Control Panel and Menus

Section Controls
Contrast Controls
Display Controls
Transformation Controls
File Menu Items
Edit Menu Items
Controls when Fixing Montages

Section Controls

Reference Sec. and Current Sec.
The two spin boxes show the section numbers (numbered from 1) of the reference and current sections. The section can be changed as desired by typing a number in one of the text boxes or by pressing the up or down arrow buttons.
Keep Cur - Ref diff = 1
If the Keep Cur - Ref diff = 1 check box is selected, both reference and current sections will be changed in tandem. (This control is not present when aligning chunks.)
Current Chunk
When aligning chunks of sections, there is another spin box for selecting the current chunk. Alignment is always between successive chunks. If the chunks are specified with the number of slices in each chunk (the -c option), the current section is constrained to stay within the current chunk and the reference section is constrained to stay within the previous chunk. If the chunks are specified by the number of slices in each sample from a chunk (the -cs option), the selected section is constrained to stay within its respective sample. When a pair of chunks is first selected, the lowest section of the current chunk and the highest section of the previous chunk will be displayed.

Contrast Controls

Black and White sliders
The Black and White sliders control the intensity range that will be scaled to run from black to white on the screen. Ordinarily, the program will update the display continuously while a slider is dragged. If the update is too slow, you can press the [Ctrl] key to make the display update only when the mouse button is released, just as in 3dmod.
Apply to only one sec.
Each section has its own independent contrast setting. If the Apply to only one sec. check box is not selected, then changing the contrast (via the sliders or F1-F8 keys) will adjust the contrast for all sections in parallel. If this check box is selected, then changes will adjust the contrast for just one section, the one currently being displayed (or the current section, if the display shows both sections in overlay.)
Auto Contrast
The Auto Contrast button will adjust the contrast based on the mean and standard deviation of the currently displayed section (or the current section, if the display shows an overlay). The contrast setting is the same as the default for auto contrast setting in 3dmod.

Display Controls

The Up and Down Arrows for Zoom increase and decrease the zoom of the display. Fractional zooms are possible, and needed for large images.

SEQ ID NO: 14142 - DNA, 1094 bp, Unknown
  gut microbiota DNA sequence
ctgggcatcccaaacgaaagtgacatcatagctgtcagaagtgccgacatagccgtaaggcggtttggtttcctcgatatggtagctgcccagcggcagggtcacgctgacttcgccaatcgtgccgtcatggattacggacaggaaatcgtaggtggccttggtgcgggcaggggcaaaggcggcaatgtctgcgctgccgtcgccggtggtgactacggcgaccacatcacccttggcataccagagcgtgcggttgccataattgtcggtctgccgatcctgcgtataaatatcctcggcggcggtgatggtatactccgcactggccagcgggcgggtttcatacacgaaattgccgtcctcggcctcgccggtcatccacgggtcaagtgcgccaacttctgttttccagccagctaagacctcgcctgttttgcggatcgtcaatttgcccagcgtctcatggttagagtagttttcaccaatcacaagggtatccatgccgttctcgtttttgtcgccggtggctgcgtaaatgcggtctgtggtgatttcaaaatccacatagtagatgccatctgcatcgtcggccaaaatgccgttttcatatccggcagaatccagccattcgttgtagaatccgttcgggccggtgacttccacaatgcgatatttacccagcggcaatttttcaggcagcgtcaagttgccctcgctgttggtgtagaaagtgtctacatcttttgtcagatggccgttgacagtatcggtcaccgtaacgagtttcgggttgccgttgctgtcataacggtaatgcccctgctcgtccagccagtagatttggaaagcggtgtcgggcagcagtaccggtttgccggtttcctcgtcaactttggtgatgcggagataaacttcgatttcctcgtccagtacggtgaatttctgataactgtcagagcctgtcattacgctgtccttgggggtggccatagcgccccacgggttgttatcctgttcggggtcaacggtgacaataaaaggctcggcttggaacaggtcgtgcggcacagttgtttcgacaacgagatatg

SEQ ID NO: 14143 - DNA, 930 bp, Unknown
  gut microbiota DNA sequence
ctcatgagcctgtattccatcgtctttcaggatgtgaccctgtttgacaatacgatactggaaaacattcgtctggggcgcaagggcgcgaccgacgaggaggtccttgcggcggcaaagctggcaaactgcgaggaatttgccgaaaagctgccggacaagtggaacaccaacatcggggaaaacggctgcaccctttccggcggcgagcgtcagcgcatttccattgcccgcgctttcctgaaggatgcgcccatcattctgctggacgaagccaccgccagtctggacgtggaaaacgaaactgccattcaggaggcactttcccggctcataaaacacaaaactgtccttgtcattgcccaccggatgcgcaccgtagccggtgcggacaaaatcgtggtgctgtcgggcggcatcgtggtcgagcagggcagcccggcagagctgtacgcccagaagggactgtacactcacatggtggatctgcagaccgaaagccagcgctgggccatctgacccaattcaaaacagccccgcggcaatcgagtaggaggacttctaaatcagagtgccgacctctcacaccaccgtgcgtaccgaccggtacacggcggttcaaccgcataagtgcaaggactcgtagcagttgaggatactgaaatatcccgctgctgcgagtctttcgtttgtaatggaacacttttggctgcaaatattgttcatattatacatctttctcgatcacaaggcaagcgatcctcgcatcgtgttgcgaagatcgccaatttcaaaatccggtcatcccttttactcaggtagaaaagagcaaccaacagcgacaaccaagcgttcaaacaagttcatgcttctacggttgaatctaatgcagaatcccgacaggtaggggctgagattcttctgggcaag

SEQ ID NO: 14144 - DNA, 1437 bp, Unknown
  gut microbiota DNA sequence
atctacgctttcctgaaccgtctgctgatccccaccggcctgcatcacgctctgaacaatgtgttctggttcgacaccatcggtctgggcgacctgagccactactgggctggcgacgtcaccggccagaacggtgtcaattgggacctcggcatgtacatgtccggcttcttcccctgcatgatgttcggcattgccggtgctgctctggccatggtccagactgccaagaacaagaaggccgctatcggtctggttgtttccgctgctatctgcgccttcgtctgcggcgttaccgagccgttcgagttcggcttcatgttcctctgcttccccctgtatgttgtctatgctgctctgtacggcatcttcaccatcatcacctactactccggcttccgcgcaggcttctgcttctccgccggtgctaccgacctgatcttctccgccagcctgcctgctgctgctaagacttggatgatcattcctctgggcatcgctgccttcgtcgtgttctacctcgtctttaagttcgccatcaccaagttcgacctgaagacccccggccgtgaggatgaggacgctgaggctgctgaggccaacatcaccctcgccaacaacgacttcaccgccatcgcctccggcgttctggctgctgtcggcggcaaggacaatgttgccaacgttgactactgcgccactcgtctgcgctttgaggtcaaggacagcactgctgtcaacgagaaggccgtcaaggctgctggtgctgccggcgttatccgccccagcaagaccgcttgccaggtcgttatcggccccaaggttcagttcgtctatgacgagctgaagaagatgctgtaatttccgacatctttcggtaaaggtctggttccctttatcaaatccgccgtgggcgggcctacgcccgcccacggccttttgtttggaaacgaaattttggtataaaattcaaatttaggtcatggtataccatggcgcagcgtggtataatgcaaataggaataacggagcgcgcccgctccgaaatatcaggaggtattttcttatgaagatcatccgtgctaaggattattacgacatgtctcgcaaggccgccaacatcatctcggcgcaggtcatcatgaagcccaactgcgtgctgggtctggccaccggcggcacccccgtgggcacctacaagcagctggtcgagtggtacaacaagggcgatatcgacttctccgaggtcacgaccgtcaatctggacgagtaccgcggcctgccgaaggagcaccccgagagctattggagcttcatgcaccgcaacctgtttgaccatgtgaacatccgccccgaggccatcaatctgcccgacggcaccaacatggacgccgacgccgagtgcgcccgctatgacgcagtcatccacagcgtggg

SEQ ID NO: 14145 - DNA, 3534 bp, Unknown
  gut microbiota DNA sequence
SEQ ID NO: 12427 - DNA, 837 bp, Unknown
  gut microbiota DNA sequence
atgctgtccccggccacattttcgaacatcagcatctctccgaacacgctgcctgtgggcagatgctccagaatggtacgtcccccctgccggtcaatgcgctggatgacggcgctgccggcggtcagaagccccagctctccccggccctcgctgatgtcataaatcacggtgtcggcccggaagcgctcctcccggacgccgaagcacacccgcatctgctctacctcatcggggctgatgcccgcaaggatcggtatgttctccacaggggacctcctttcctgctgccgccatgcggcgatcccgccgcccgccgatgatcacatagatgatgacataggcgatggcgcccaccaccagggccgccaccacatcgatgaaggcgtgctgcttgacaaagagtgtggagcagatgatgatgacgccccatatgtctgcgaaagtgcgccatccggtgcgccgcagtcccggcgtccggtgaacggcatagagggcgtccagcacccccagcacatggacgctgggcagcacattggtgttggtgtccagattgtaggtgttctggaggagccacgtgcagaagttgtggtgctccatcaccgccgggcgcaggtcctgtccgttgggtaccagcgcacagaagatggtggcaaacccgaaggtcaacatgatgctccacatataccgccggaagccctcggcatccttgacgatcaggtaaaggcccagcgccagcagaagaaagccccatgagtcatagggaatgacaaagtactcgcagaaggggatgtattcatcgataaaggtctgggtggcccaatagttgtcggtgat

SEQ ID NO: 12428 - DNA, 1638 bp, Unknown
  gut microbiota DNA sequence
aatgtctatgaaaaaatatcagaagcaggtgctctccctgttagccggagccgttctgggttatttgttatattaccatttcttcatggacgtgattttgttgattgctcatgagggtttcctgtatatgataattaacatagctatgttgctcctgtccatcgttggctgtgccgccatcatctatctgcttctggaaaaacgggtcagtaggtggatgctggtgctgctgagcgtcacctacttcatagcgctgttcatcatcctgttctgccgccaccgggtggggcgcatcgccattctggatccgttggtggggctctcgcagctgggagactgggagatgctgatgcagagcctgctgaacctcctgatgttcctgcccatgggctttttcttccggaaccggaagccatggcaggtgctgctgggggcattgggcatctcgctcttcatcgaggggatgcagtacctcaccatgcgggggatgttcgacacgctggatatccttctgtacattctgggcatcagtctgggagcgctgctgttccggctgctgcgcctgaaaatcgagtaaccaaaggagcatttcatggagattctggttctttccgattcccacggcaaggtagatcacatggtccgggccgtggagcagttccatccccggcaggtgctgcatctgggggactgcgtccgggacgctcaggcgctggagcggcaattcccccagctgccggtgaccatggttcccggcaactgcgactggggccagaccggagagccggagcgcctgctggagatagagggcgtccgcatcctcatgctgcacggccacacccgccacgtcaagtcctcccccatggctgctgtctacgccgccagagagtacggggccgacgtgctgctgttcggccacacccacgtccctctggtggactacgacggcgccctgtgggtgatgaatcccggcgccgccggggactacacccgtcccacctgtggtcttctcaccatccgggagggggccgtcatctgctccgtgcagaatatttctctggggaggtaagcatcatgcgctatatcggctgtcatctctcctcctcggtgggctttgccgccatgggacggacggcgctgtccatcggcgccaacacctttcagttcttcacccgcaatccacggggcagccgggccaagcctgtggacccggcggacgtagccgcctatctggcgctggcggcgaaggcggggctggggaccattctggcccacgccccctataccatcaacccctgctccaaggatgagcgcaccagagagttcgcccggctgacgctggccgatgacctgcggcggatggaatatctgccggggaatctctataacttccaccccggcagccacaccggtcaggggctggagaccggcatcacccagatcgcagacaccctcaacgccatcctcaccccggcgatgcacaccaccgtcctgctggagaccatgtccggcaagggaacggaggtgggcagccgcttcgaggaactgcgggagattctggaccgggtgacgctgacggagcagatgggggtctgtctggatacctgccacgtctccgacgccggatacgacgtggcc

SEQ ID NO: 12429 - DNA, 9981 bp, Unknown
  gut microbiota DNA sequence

Zoom down by binning
The Zoom down by binning check box can be used to reduce the noise from aliasing effects when zooming down below 1. The program will bin pixels for display instead of sampling a fraction of them. Binning may be unacceptably slow on less capable computers. The option is turned on initially if the computer has at least 4 cores and the number available for multi-threading is not limited by the environment variable OMP_NUM_THREADS. Auto-contrasting will not work well with noisy images when this option is on. It is better to use the \fB-B\fR option to bin the images when reading them into the program, or to set the environment variable MIDAS_BIN_TO_TARGET to a desired binned size (.e.g., 1200) so that initial binning is set automatically for large images. This variable allows you to get initial binning when Midas is run from Etomo(1) without a binning option.
The Interpolate check box can be used to turn on bilinear interpolation in the image transformation, which will give the most accurate transformed image of the current section but may be slow for large images.
Overlay view
The Overlay view box can be used to toggle between showing one section and showing the two sections in overlay, with the current section in green and the previous in magenta.
Toggle Ref/Cur
The Toggle Ref/Cur button provides an easy way to toggle between current and reference sections with a mouse button.

Transformation Controls

At the top of this section are three lines listing the actions of the left, middle, and right mouse buttons. The second line shows the actions when the Ctrl key is pressed, the third shows actions when the Shift key is pressed, and the first shows actions when neither is pressed. The currently active line will appear in red, and it will change to indicate the current action when a mouse button is pressed.

The Add/edit warp points check box can be used to warp the image, using local shifts at a set of points called control points. Once this is turned on, the only transformation parameter that can be changed is the shift of the current control point. See the Warping Images section of the man page for a description of using warping.